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Born and raised in Scotland, TOM VAUGHAN began his film career as a teenager. Earning money from appearing on a TV drama, Vaughan bought a video camera to pursue his burgeoning interest in filmmaking. He spent the rest of his teenage years remaking his favorite movies starring his friends and family. After studying drama at Bristol University, Vaughan moved to London and started making short films. His first short film, Super Grass, executive produced by Mike Leigh's producer Simon Channing Williams, went on to win a distribution deal with Richard Linklater's Dazed and Confused. The film played in theaters across the UK as well at film festivals and was bought by Film Four and shown on national and international television.

With casting director Stephanie Duala, Vaughan ran an acting workshop at the Holburn Centre for Performing Arts from which came the ideas and characters for his next short film, Box. A devised piece set around a phone box over one night in London, the film caught the attention of the organizers of a Levi's sponsored short film program. Vaughan's comedy Still Buzzin' became the first film made under this scheme and was shown at festivals around the world. It too won a theatrical distribution deal, this time in front of Richard Linklater's movie Suburbia. On the strength of Still Buzzin, ad agency St. Luke's approached Vaughan to produce a short film they were producing as part of a campaign for BBC Radio 1. The resulting film, Plotless, was again shown at cinemas across the UK and the four TV spots shot as part of the production went on to win Vaughan a Creative Circle Award for Best Newcomer. This lead to further success in UK commercials. He was named by Campaign as one of the UK's Hottest Directors and was selected as part of Saatchi & Saatchi's New Directors' Showcase at Cannes.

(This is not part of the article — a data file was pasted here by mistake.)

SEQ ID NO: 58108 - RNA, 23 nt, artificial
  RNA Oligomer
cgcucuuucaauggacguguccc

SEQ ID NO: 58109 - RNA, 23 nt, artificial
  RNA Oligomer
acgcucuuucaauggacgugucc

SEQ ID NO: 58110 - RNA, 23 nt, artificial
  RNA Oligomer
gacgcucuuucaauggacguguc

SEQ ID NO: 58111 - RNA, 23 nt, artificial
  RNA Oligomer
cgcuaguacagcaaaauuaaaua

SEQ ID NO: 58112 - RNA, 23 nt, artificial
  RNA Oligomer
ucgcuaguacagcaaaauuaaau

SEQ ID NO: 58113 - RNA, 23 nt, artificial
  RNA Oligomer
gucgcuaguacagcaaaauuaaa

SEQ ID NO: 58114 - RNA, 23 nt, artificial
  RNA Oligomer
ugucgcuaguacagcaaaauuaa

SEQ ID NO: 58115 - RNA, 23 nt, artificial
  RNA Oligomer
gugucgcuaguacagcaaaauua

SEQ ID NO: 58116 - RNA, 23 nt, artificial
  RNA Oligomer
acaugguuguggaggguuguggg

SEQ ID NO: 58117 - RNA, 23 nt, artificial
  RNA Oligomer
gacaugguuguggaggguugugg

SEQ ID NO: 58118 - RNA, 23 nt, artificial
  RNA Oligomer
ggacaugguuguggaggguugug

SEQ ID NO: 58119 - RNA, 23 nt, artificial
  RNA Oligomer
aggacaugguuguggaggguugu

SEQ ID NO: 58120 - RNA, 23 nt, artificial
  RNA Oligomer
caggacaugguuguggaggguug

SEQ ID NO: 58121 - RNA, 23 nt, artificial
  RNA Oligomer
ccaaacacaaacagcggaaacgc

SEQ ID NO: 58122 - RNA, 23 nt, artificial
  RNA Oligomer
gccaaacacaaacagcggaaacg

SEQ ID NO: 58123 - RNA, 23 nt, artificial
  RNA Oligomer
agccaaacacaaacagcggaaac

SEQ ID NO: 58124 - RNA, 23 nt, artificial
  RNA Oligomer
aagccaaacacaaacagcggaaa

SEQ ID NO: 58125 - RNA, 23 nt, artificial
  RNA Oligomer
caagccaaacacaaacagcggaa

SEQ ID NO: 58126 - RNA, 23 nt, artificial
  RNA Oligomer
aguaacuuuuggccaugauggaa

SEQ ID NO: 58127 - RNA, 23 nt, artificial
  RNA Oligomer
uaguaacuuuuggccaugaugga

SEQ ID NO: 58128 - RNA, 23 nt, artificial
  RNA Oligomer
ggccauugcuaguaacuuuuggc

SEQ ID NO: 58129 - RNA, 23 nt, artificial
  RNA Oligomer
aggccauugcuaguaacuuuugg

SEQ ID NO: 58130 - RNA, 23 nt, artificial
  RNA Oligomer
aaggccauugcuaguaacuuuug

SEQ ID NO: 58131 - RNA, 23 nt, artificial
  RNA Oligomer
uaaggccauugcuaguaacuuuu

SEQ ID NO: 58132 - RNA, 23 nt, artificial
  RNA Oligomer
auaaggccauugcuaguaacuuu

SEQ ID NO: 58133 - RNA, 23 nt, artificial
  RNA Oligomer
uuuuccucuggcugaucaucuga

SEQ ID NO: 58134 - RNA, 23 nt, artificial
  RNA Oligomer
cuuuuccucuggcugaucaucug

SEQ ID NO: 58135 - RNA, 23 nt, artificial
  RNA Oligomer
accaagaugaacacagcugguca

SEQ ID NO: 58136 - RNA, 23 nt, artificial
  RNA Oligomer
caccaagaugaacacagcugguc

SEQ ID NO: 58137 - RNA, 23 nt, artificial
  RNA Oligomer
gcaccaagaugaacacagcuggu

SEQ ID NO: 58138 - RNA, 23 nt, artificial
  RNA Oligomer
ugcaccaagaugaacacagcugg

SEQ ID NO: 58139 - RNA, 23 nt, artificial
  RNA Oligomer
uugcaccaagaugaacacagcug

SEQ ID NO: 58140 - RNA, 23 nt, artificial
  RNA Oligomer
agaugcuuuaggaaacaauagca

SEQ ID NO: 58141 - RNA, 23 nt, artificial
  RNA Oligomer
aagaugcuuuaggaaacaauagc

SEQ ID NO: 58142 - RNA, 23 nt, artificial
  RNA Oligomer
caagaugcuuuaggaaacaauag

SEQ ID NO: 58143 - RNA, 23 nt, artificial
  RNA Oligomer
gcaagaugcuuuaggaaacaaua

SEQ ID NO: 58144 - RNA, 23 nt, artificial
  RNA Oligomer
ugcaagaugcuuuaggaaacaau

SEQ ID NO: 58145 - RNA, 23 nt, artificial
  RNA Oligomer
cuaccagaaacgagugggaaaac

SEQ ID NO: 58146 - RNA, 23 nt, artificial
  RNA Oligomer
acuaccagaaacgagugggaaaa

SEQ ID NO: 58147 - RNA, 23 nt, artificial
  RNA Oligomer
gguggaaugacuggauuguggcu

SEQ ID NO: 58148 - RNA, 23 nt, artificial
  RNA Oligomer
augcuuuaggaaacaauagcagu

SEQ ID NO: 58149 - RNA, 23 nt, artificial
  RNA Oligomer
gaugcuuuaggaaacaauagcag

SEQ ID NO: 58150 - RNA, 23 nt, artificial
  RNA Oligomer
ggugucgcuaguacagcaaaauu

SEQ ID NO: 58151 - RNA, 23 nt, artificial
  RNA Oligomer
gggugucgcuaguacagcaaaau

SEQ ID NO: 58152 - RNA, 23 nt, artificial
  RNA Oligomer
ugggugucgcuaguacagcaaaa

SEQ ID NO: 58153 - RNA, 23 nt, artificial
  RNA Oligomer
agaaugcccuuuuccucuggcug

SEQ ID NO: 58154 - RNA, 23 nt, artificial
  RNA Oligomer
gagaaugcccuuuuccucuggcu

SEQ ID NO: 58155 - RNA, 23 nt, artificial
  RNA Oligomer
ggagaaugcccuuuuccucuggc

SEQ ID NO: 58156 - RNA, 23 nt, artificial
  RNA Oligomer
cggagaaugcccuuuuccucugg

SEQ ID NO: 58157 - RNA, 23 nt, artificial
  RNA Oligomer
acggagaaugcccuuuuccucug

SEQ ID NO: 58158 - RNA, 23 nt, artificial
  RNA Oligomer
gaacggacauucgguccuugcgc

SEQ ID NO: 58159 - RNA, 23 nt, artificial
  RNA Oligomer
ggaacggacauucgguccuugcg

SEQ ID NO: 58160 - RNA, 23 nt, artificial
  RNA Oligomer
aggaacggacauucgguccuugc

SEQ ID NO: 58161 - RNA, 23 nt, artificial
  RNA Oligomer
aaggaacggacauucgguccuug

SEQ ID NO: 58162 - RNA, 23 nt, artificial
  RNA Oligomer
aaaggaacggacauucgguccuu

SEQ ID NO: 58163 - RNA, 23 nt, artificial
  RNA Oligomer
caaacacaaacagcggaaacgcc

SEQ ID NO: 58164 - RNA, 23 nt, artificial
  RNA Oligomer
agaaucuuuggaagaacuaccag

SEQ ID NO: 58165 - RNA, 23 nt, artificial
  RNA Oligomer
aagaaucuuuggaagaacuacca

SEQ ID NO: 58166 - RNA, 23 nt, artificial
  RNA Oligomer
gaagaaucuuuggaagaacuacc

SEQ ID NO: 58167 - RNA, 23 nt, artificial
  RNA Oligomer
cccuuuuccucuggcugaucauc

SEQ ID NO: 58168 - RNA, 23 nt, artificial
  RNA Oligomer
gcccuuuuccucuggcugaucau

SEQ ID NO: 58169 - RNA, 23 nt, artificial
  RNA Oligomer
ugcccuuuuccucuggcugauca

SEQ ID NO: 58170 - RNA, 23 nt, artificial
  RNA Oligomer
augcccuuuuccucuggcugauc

Film Four fully financed Vaughan's next short film Truel, a period drama based on a game theory problem, and he took time out of commercials to direct the hit TV show "Cold Feet”. Since then, Vaughan has successfully balanced incredibly busy parallel careers directing commercials with TV dramas. This included, among other projects, a four hour period adaptation for the BBC starring Bill Nighy, Anna Massey, Stephen Moore and Laura Fraser called "He Knew He Was Right,” based on the book by Anthony Trollope.

His first feature film was the coming of age comedy Starter for Ten, based on David Nicholl's best-selling book of the same name. Set in an English college town in 1985, Starter for Ten starred a host of then new British talent including James McAvoy, Rebecca Hall, and Dominic Cooper. The film was financed by HBO Films and BBC Films and produced by Tom Hanks and Sam Mendes.

The success of Starter for Ten led to Vaughan being asked to direct Cameron Diaz and Ashton Kutcher in the hit comedy What Happens in Vegas. Released in the summer of 2008, the movie was a huge commercial success, making $220 million at the worldwide box office. The producers of Extraordinary Measures also approached Vaughan after seeing Starter for Ten back in early 2007 and he was attached to the project.


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